Volume 20, Number 36 | The Newspaper of Lower Manhattan | January 19 - 25, 2011
Letters to the Editor
Painful chapter is closed
To the Editor,
When the Deutsche Bank building at 130 Liberty Street finally comes down at the end of this month, it will close out a painful chapter in the history of our city and signal an era of new hope for our Downtown community.
Severely damaged in the 9/11 attacks, the building once again became a focus of grief and mourning when two city firefighters, Robert Beddia and Joseph Graffagnino, were tragically killed in a fire there six years later.
After that terrible day in 2007, I formed a task force made up of members of the community, oversight agencies and other local officials to ensure that the continued demolition of this building was carried out in a way that was safe, responsible and, above all, prioritized the concerns of our local residents.
I want to thank the members of the community who participated in these discussions and who expressed their ideas about how to make the demolition of the building as safe as possible.
Our task force produced positive results: new safety protocols were adopted for the demolition to minimize the risks to Downtown residents; a Community Notification Plan was put into place so that residents will be alerted to emergencies in the neighborhood; and those who were most affected by the ongoing work were given a seat at the table when important decisions were made about how the project was moving forward.
I think most would agree that this demolition took far too long and caused far too many problems: from the safety and health concerns raised by falling debris and contaminated air to the disruption of the sidewalks surrounding the site.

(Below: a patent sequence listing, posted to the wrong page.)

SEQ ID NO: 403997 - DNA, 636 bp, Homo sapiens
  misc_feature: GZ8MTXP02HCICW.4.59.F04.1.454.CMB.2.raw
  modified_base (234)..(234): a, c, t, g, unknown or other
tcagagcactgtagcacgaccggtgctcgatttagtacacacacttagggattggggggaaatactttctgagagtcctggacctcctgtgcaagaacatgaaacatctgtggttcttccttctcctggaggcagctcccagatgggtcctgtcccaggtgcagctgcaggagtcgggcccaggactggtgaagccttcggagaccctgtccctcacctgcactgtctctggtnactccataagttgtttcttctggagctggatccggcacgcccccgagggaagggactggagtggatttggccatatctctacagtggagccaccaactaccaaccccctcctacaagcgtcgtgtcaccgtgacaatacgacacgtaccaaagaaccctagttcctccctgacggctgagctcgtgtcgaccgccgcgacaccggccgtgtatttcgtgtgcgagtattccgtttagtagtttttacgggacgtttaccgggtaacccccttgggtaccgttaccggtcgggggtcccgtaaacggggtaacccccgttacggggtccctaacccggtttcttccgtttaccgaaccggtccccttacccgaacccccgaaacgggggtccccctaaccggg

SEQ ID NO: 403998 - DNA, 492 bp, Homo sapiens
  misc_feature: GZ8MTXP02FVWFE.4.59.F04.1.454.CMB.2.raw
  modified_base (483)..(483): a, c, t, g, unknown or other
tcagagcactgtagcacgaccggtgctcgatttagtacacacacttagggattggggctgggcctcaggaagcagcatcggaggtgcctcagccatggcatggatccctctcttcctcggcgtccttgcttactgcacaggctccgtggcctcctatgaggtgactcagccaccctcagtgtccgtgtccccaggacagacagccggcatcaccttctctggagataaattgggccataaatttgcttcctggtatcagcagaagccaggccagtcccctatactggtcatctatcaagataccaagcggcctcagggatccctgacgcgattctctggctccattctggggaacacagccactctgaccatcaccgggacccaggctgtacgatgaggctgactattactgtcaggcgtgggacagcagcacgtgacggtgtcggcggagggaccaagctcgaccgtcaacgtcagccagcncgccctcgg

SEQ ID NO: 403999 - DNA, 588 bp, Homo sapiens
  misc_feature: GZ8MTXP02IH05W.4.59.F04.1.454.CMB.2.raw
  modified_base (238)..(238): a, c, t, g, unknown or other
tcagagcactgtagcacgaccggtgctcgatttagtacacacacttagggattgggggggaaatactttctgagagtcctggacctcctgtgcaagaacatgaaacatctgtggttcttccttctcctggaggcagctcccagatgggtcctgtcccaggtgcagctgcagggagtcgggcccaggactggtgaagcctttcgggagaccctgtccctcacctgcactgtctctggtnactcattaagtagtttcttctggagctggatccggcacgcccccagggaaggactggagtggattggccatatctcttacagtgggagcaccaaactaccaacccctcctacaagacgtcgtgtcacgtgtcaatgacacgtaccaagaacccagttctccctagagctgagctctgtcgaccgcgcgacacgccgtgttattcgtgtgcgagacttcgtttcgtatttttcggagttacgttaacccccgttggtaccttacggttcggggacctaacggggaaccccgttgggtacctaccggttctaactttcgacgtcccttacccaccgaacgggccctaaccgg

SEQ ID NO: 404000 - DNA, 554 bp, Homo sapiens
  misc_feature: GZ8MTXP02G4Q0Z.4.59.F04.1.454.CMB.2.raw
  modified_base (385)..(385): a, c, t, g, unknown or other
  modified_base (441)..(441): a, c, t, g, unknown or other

But, with the perseverance and dedication that our Downtown community has shown time and again since 9/11, we managed to get the demolition completed and we now look forward to better days for 130 Liberty Street and a bright future for all of Lower Manhattan.
Speaker of the New York State Assembly
The killers among us
To The Editor:
Last month, Sylvie Cachay was murdered in my district. Last week, her ex-boyfriend, Nicholas Brooks, was charged with second-degree murder. She is just one victim in an upward trend of intimate-partner violence; yet membership to an exclusive club and family ties to an award-winning musician made this particular story infiltrate the media. Even stories about the poodle the victim left behind were published.
Each day in the United States, an average of three women are murdered by an intimate partner. Of female murder victims, one-third are killed by an intimate partner and this percentage is on the rise. In New York City, most crimes are committed by someone the victim knows, and rates of murder and rape are both on the rise. Yet victims of intimate-partner violence rarely become more than a statistic as the media fails to cover all but the most sensational of these stories.
All victims of intimate-partner violence were also sisters, friends, co-workers, daughters, mothers and girlfriends, yet not all victims have ties to prestigious places and people. This does not mean they do not warrant our attention or our empathy.
The gruesome reality of intimate-partner violence is that it is pervasive in society — but in order to curb the epidemic, we have to first acknowledge that it exists. We need to continue to shed light on all of these egregious acts, not just the ones with catchy headlines. We need to give voice to all of those who are no longer able to do so for themselves.
Deborah J. Glick
Glick is assemblymember for the 66th District
Downtown Express welcomes letters to The Editor. They must include the writer’s first and last name, a phone number for confirmation purposes only, and any affiliation that relates directly to the letter’s subject matter. Downtown Express reserves the right to edit letters for space, clarity, civility or libel reasons. Letters should be e-mailed to news@DowntownExpress.com or can be mailed to 145 Sixth Ave., N.Y., N.Y. 10013.